Reform Plans for Japan [日本改造計画]
By Ichiro Ozawa [小沢一郎], Kodansha[講談社], May 1993 (23rd printing as of May 2006), 258 pages, 1500 yen, ISBN-10: 4062064820 and ISBN-13: 978-4062064828
Review by Fumiko Halloran
Ichiro Ozawa is a controversial figure with great political skills and strong leadership ability. He once presided over the Liberal Democratic Party (LDP) as its powerful Secretary General whose ability in raising funds was legendary. He was a protégé of late Prime Minister Kakuei Tanaka [田中 角栄], whose ambitious plans to cover Japan with highways and railways transformed regional economies but escalated the corrupt links between industry and politicians. Tanaka was later found guilty of bribery in the Lockheed scandal in which he was charged with accepting five hundred million yen from Lockheed for his role in reversing the selection of American airplanes for All Nippon Airways.
Ozawa was born in 1942 in Iwate Prefecture into a political family, his father having been a member of the Tokyo City Council, and later a member of the House of Representatives. Ozawa graduated from Keio University in 1967 and did graduate study at Nippon University. In 1969, he ran as a LDP candidate and was elected to the House of Representatives from a district in Iwate. Since then, he has been elected to the Lower House at every election since his first victory in 27 December 1969. He steadily rose in the party, serving at various times as parliamentary vice minister for the science and technology agency, ministry of construction, the parliamentary steering committee chair, then as minister of home affairs, chairman of the National Security Commission, and LDP Secretary General from 1989 to 1991.
In 1993, however, Ozawa split from LDP and with Tsutomu Hata [羽田 孜] formed the Japan Renewal Party [新生党]. Together with other opposition parties, they succeeded in winning the majority of seats in the Lower House election, with Morihiro Hosokawa [細川 護煕] as prime minister. This coup was short lived and the LDP won back a majority in 1994. In 2003, the two opposition parties, the Democratic Party and the Liberal Party, joined forces to establish the Democratic Party of Japan [民主党]. Ozawa was elected its leader in 2006. In the summer of 2007, the Democratic Party gained the majority in the House of Councillors, a foretaste of its historic victory in the August 2009 general election for the Lower House. However, Ozawa had been forced to step down as party leader before the victory due to a funding scandal but was appointed DPJ Secretary General after the election.
After Ozawa’s book, “Reform Plans for Japan,” was published in 1993, it became a best seller. It was rare at that time for a politician to lay out specific policy proposals for reforms in political, economic, security, and social issues. It is still widely read among those who seek answers to solving problems that Japan faces today.
In domestic policies, Ozawa advocates reform in the structure of government. For example, he proposes to introduce the system of special advisors to the prime minister, making the chief cabinet secretary the senior advisor, similar to the National Security Advisor in Washington. To break down the walls between ministries, he proposes that the prime minister’s spokesperson, rather than cabinet ministers, announce major policy decisions to increase the stature of the prime minister as the face of the nation.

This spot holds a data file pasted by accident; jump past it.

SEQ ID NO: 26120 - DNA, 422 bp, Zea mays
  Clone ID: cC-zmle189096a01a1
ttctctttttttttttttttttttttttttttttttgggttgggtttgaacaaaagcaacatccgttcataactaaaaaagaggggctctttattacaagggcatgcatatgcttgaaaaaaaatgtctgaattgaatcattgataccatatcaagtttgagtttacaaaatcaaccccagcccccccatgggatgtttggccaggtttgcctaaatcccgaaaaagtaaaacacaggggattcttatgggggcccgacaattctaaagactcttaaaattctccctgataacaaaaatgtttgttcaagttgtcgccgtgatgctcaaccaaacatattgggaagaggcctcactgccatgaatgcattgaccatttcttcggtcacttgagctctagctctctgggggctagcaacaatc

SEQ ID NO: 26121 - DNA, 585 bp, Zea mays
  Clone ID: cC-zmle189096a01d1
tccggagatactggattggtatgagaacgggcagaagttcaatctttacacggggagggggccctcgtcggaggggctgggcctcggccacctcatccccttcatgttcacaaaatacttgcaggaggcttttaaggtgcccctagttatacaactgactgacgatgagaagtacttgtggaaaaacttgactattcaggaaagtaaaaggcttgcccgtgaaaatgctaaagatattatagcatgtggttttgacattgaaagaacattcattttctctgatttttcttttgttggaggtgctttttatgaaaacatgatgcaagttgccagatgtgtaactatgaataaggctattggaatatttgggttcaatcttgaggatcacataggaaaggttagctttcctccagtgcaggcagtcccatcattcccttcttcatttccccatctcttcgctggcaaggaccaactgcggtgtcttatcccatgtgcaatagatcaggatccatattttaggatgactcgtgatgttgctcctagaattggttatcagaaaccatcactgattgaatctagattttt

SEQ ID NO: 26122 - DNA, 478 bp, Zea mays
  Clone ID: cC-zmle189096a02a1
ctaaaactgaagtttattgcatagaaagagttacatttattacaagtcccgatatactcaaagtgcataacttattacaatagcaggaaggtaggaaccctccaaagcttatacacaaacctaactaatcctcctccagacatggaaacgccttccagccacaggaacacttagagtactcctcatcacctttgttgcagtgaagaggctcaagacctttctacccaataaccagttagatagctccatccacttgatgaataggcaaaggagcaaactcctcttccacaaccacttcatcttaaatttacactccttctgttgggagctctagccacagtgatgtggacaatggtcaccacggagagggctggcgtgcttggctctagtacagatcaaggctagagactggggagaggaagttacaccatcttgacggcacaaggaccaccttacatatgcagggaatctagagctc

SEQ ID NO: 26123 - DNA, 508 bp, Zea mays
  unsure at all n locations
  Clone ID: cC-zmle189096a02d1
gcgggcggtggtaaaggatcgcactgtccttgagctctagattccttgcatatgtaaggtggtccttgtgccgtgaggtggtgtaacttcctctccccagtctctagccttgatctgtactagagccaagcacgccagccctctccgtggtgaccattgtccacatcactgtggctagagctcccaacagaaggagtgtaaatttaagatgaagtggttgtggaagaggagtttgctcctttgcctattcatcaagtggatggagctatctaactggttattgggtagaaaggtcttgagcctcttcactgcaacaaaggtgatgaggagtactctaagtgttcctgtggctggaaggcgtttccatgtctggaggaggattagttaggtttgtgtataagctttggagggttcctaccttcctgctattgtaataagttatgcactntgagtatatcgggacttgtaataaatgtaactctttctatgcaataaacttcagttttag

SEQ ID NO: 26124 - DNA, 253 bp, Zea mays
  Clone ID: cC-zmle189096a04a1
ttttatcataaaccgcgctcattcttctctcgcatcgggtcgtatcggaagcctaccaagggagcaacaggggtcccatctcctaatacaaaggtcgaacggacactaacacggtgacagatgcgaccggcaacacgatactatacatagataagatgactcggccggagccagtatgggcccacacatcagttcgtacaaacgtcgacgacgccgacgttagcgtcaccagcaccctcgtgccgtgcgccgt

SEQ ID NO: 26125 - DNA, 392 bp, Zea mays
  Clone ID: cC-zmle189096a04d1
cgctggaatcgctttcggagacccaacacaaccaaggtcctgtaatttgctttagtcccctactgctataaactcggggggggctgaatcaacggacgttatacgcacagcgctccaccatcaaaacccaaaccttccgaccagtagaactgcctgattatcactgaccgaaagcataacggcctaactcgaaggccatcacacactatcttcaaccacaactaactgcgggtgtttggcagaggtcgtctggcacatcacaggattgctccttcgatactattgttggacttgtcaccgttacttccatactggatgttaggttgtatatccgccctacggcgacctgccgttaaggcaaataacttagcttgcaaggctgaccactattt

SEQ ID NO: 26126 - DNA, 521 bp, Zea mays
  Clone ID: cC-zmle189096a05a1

The power of a Japanese prime minister is limited even though he is the head of the majority party in the parliament. Apart from the cabinet, the party’s decision-making often supersedes the prime minister’s preference. To streamline the process of decision-making, Ozawa proposes to bring senior party leaders into the cabinet by giving them posts as ministers at large, following a British model. By doing so, Ozawa asserts that control on policy matters by the bureaucrats would be eliminated, breaking the tradition of politicians relying on bureaucrats during debates in parliament.
On foreign policy and security, perhaps the phrase, becoming an ordinary nation [普通の国になる], is the best known line encapsulating Ozawa’s thinking. He asserts that Japan should not neglect its responsibility in security, sharing the cost of peace and freedom. While keeping the U.S.-Japan security alliance as the basis of Japan’s foreign policy, Ozawa wants to change the mission of the Self Defence Forces from defence to participation in peacekeeping missions as a part of the United Nations collective security apparatus. He believes this is doable under the present constitution.
He allots considerable space to the UN as the vehicle to create a new world order. He appeals to the United States to use the UN and work with UN. His assumption, when this book was written in 1993 during the Clinton administration, was that the U.S. government was moving in that direction. He even proposed creating a separate Japanese military unit that could be called upon by the UN Secretary General who, according to Ozawa, has authority to order such forces to take action.
He would thus abandon the authority of the Japanese government to deploy such a force. Ozawa’s belief in the role that the UN could play, and his willingness to let the UN shape the future of the nation’s Self Defence Forces has met sharp criticism from lawmakers critical of the ability of the UN to resolve international conflicts. Ozawa to this day, however, seems to stick to his UN initiative proposal.